Today’s unemployment report came as no surprise to most analysts. From the current rate of 9.4%, unemployment is expected to increase throughout 2009 with some analysts expecting unemployment to peak as far off as 2010. Given that unemployment is a lagging indicator, even if the economy starts a path to positive growth by the end of the year as Federal Reserve Chairman Ben S. Bernanke suspects, it means that millions of Americans will be hurting well into mid-term elections.
No doubt this may be bad news for the Democrats who wish to hold on to their majorities in the House and the Senate. Americans may not be able to reconcile 10% unemployment with positive growth in the gross domestic product. Americans may not understand why the media reports increases in productivity and hourly wages when 1,000 people are signing up for 100 jobs. It will take some clear communication via radio and YouTube to educate the public that better days are right around the corner.
With Mr. Obama as the Democratic Party’s spokesman, the party is guaranteed a clear voice, as long as Pelosi, Reid, and Frank keep their place and their silence in the background. I suspect they will. They will have to field their share of skepticism from an American public that still does not hold the Congress in high regard and it would be best to let a president with a 62% approval rating do the talking.
Whichever Republican voice shows up (Boehner, Cantor, Huckabee, Pence, Palin, Romney, Ryan, etc.) will want to play Dathan to Mr. Obama’s Moses. As Mr. Obama assures America that the rough road ahead will eventually get America out of the wilderness and into the Promised Land, the Republicans will point fingers at a plan that appears too socialist for Americans to tolerate.
Americans might have bought into the argument during the good times but unfortunately for the Republicans they have two things working against them. First, they have no voice which means they have no leader. Without a communicator like Ronald Reagan or a moderate with the intelligence to supply good policy like Jack Kemp, the Republicans, at least for now, are exercising an ineptitude that leaves them ineffective and looking weak. Second, Republicans, having unfortunately abandoned their expertise in fiscal responsibility and settling for irrelevant social conservatism, do not understand the basics of economic policy. If they understood this, rather than screaming weak claims of socialism, the Republicans would be better served making an argument that more Americans can get into; that Mr. Obama’s approach is too interventionist.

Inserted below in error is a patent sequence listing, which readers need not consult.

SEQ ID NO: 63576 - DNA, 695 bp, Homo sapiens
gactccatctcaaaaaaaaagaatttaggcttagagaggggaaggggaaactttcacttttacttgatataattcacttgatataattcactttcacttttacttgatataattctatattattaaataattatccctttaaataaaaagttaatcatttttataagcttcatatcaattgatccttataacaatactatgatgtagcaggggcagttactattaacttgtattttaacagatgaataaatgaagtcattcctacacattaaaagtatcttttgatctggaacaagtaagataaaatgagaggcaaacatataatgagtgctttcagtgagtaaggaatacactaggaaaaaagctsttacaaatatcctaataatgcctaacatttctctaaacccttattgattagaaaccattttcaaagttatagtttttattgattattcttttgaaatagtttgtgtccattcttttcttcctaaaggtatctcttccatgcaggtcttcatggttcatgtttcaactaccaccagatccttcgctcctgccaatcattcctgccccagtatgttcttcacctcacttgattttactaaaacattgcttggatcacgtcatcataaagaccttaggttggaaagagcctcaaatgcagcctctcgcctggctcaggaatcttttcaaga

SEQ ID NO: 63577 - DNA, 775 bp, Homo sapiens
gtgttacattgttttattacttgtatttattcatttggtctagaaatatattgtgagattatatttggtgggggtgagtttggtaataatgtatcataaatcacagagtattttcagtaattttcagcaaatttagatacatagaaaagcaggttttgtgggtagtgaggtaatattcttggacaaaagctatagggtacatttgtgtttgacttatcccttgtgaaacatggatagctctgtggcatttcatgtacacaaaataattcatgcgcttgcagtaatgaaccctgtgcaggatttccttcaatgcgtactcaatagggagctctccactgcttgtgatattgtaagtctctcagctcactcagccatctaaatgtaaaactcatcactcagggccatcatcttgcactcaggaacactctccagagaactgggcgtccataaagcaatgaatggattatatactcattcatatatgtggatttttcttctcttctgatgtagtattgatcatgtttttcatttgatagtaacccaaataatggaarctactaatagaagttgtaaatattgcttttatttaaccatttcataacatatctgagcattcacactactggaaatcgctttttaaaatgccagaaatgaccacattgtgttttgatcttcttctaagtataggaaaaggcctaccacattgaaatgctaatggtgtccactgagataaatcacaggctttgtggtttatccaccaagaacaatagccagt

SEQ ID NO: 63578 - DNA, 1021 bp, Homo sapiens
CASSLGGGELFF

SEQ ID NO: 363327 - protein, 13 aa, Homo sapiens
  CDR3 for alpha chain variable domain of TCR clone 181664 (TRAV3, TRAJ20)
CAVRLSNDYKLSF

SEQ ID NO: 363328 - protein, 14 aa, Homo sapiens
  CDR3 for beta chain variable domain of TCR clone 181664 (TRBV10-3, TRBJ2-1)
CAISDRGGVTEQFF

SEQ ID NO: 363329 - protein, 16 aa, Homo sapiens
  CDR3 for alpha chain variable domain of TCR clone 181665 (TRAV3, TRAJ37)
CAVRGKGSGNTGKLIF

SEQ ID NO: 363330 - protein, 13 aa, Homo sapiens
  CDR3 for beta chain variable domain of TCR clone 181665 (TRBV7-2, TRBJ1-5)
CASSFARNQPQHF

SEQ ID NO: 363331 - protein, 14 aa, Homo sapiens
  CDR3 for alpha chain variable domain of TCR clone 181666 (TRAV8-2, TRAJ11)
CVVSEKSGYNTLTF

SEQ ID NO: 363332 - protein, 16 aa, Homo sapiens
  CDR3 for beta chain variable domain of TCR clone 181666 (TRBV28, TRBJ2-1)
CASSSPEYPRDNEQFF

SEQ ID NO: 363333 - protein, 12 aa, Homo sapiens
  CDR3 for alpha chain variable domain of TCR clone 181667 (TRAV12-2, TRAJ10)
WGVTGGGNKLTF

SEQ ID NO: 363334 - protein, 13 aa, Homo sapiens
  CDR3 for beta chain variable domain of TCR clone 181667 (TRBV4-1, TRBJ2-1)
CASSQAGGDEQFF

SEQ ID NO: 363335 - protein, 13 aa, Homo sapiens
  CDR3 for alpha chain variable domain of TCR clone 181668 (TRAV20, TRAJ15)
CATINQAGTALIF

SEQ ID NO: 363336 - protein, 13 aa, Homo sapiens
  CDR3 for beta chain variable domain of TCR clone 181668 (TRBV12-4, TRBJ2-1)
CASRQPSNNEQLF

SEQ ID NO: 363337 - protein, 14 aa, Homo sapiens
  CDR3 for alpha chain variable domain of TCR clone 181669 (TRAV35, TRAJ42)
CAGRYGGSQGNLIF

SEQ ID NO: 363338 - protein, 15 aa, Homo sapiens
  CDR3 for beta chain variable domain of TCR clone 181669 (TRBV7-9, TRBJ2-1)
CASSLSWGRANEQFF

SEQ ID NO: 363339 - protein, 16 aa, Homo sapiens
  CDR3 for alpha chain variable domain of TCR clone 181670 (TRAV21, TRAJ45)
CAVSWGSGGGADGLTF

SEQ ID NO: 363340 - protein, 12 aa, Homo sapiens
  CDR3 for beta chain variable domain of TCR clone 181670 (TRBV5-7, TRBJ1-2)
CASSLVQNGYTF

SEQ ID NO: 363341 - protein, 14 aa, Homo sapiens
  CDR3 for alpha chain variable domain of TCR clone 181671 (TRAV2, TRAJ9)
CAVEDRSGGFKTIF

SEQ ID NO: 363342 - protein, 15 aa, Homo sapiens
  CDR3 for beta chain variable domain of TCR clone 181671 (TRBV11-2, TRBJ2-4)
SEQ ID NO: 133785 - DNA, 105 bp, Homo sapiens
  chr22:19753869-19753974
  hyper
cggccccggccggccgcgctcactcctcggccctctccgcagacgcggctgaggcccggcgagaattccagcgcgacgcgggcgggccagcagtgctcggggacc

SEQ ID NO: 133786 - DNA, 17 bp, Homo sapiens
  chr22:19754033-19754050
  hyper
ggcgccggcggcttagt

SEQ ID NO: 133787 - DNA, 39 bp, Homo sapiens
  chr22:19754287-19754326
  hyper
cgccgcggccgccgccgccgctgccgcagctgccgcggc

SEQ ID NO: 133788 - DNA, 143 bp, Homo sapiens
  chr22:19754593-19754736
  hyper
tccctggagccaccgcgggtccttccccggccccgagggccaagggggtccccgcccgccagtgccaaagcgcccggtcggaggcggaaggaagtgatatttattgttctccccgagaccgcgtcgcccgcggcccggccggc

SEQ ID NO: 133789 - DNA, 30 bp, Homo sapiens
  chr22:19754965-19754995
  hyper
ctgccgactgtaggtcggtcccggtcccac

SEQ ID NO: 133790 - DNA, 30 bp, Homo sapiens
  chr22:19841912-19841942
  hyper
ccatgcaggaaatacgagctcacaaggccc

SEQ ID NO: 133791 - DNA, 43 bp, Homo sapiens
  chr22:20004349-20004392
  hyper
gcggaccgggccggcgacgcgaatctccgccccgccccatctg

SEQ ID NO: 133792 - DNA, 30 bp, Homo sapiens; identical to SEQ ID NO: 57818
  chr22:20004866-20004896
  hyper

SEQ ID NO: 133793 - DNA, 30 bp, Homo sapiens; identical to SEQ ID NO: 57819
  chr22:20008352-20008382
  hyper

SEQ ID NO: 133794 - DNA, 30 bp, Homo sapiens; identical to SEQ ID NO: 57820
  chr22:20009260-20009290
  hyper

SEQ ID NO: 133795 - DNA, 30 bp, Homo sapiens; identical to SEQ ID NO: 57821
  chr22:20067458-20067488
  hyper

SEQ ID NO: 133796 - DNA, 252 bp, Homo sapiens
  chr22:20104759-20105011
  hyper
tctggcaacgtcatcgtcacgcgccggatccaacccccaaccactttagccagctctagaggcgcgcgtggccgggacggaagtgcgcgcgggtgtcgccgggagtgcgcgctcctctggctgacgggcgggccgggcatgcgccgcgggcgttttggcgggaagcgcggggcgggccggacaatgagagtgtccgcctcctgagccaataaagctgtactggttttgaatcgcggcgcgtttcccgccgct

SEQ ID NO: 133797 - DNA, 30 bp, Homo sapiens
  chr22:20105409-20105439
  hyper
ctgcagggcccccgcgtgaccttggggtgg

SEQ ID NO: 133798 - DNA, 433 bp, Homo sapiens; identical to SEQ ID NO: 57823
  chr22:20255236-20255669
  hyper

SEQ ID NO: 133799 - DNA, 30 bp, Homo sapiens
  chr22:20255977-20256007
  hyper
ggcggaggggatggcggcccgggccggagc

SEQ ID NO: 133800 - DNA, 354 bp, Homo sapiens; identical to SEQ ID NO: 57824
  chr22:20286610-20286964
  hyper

Americans do not understand socialism. They don’t know what it means. Mr. Obama, in all fairness, is not a socialist. He has not proposed that the American government take from private hands capital and other resources that are used as inputs for industry. Mr. Obama is wrongly focusing on one industry, the auto industry. He is tying his hopes on the notion that saving General Motors means saving the economy. On this point Mr. Obama is wrong. What Mr. Obama is doing is moving scarce resources toward an activity that promises, based on past performance, not much in return. At best, GM is a very expensive jobs program.
Looking at history, however, Mr. Obama is not doing anything past presidents have either done or considered. Past presidents have used fiscal policy and encouraged and asked for the use monetary policy during downturns. At times they reacted too slowly in acting against inflation. For example, President Johnson waited too long before raising taxes to stave off inflation. With an increasing money supply used to pay for the Vietnam War, stagflation eventually resulted. President Roosevelt provided the classic example of pump priming. Although not fond of deficit spending, Mr. Roosevelt spent on social welfare relief, public works, and agriculture support. What Mr. Obama is doing, for the most part, is pretty much the same.
In the end, what Americans may appreciate is not the accusations of socialism and the cries of Mr. Obama having too much on their plate. What they may appreciate is the energy that the Founding Fathers wished for the executive to use in his or her decision making. The Republicans may want to take that walk down memory lane and come up with a few original ideas, a single voice, and a single message.